I served as a US Army officer before coming to China, and that was a uniquely valuable preparation for China. The US Army is a fine institution, but it is much bigger than any efficiency guru would advise. Due to its size, bureaucracy has made its mark on the US Army. Ah, China and China Bureaucracy are the same.
So I felt right at home in the bureaucracy here from day 1. I have found that American and Chinese bureaucrats are amazingly the same. They hate change, have a fear of any mistake, and leeway to help you if you are nice.
By understanding their natural fear, I got US supply depot managers to give my brigade ammunition for field training when no one else could get it done. And I got China government officials to sign off giving my company greater market access the same way in a previous job.
I was not a China expert negotiating access. I was a people expert. See also How to Hire Great Leaders.
Bureaucrats are people just like me, and they avoid blame naturally.
I need to wear their shoes if I am going to get their chop on my document.
Bureaucrats have little space to serve the customer. They are not rewarded for their great feats, but they get punished whenever events go wrong.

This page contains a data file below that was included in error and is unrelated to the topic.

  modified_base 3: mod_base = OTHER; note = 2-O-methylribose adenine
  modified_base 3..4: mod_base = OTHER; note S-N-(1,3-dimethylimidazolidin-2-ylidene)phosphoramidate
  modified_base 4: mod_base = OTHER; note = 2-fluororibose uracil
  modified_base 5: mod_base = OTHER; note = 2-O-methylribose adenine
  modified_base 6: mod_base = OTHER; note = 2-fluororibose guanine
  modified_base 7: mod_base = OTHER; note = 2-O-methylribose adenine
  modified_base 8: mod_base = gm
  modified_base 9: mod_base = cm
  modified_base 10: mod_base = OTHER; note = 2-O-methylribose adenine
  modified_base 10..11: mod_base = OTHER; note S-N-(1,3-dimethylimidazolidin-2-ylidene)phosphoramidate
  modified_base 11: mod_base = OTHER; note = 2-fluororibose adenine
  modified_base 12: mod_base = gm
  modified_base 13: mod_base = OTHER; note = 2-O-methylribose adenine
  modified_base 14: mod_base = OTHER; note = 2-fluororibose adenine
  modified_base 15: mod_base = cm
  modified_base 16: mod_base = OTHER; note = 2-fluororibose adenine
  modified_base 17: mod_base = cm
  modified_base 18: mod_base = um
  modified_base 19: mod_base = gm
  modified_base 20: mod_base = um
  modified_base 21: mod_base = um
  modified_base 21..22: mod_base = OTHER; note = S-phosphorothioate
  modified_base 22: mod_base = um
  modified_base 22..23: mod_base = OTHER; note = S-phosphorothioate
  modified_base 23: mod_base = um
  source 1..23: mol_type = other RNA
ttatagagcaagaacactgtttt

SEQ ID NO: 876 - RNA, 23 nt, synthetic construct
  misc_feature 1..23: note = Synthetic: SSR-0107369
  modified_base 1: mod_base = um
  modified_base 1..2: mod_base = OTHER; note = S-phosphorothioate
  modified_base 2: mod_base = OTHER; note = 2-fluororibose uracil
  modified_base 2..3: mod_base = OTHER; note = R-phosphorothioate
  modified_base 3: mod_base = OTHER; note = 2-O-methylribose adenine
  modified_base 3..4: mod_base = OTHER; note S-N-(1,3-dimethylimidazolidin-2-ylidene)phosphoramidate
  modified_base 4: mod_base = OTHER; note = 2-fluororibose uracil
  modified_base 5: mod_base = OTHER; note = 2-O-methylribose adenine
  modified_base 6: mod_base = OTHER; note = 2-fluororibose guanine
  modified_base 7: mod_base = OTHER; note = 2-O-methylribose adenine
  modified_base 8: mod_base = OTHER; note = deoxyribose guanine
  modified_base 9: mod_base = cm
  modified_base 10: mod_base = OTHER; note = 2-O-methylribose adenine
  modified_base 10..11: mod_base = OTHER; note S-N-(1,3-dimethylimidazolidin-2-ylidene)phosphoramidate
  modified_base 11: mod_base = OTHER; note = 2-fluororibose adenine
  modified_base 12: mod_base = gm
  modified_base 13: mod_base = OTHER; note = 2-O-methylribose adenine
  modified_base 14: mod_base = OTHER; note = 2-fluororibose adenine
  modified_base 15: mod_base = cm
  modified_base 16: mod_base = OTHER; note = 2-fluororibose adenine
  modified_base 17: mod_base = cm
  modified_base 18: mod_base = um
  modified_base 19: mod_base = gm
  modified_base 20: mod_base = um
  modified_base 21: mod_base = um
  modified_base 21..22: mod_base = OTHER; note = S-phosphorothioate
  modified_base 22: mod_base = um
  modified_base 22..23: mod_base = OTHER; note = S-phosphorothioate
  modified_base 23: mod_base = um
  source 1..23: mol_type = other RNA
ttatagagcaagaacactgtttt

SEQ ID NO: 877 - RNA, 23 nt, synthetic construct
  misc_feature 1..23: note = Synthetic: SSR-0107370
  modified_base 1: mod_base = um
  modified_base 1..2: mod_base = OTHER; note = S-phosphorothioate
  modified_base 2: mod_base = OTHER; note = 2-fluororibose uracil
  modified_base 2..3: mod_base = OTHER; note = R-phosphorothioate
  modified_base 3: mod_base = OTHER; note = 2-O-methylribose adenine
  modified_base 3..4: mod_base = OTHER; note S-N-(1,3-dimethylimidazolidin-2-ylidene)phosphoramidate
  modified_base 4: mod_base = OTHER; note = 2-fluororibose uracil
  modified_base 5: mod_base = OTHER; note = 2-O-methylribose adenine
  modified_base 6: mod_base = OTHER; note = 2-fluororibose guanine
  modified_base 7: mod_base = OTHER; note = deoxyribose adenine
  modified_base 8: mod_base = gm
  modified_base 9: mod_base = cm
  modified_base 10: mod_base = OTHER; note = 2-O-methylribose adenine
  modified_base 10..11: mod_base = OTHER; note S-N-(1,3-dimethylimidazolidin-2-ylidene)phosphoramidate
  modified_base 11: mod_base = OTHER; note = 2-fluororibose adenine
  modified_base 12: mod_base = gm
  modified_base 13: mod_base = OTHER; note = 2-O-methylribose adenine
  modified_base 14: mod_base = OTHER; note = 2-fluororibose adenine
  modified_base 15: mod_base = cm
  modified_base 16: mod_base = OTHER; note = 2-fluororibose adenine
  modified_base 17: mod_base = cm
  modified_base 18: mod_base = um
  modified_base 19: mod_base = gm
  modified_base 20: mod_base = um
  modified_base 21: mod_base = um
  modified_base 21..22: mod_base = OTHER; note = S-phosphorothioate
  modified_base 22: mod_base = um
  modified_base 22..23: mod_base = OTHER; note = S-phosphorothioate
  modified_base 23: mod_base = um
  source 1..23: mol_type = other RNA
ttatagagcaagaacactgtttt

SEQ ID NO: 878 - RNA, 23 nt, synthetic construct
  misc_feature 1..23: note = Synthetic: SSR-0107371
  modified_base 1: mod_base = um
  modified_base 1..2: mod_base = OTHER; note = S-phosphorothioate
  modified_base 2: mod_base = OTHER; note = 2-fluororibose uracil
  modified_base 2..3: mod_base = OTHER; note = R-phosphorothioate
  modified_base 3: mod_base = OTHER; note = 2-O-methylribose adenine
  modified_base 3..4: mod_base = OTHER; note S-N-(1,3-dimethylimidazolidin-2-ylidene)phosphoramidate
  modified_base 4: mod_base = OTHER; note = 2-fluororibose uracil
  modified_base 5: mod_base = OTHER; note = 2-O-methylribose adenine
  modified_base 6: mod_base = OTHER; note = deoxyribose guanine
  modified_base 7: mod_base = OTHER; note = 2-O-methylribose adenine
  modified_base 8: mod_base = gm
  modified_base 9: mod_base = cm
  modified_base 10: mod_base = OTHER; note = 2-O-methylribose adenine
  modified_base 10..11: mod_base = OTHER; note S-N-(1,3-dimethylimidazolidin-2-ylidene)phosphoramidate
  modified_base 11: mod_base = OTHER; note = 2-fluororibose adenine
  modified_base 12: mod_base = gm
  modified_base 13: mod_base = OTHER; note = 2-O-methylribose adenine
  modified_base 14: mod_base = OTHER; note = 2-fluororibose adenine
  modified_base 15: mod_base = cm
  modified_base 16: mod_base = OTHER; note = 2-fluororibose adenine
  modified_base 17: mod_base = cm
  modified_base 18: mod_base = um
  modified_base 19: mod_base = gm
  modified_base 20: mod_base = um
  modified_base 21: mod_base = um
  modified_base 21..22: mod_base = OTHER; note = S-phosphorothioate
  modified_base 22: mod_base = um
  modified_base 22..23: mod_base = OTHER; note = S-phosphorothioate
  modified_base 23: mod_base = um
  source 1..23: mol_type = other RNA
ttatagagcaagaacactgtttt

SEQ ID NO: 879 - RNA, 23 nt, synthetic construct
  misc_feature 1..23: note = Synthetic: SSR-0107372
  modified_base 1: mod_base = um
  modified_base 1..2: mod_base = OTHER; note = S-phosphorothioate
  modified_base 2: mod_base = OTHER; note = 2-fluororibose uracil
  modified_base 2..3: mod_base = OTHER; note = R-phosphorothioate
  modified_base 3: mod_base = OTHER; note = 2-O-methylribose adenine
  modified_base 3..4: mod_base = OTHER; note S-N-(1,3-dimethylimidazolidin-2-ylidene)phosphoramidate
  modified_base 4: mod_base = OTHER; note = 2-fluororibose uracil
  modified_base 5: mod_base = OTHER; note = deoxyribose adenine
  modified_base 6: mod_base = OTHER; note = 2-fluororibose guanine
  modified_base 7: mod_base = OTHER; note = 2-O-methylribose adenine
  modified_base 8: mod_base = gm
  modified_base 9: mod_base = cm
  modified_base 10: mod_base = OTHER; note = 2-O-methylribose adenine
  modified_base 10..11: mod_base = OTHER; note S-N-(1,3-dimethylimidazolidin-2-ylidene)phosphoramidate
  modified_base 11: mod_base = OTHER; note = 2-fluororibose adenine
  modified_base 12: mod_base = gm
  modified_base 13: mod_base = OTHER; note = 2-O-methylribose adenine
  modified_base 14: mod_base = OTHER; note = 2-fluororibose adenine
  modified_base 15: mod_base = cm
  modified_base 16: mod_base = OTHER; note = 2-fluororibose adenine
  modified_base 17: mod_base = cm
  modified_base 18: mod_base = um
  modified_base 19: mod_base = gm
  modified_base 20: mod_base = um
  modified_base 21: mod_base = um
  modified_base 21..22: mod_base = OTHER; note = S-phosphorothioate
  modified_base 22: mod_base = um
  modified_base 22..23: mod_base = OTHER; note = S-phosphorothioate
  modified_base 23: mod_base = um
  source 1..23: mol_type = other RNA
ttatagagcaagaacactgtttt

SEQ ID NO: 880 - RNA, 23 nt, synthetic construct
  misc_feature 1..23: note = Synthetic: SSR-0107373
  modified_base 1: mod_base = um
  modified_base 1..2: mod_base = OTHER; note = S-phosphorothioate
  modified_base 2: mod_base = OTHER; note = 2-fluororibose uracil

When 15 Saudi Nationals succeeded in blowing up the World Trade Center, US bureaucrats got busted for giving them the visas. Ugh, if I were a bureaucrat, I would cover my tail when putting my chop on the line in that environment as well.
We Can Do Better With China Bureaucracy
So, as the leader, do not carry an us/them philosophy–as if Chinese bureaucrats are somehow worse than our own home country bureaucracy. Carrying that attitude will hurt you inside and outside your business. Care for the people who have thankless jobs. Finally, we all know we need leeway at times. The people who get no thanks can give much if trust that we understand and care for their concerns.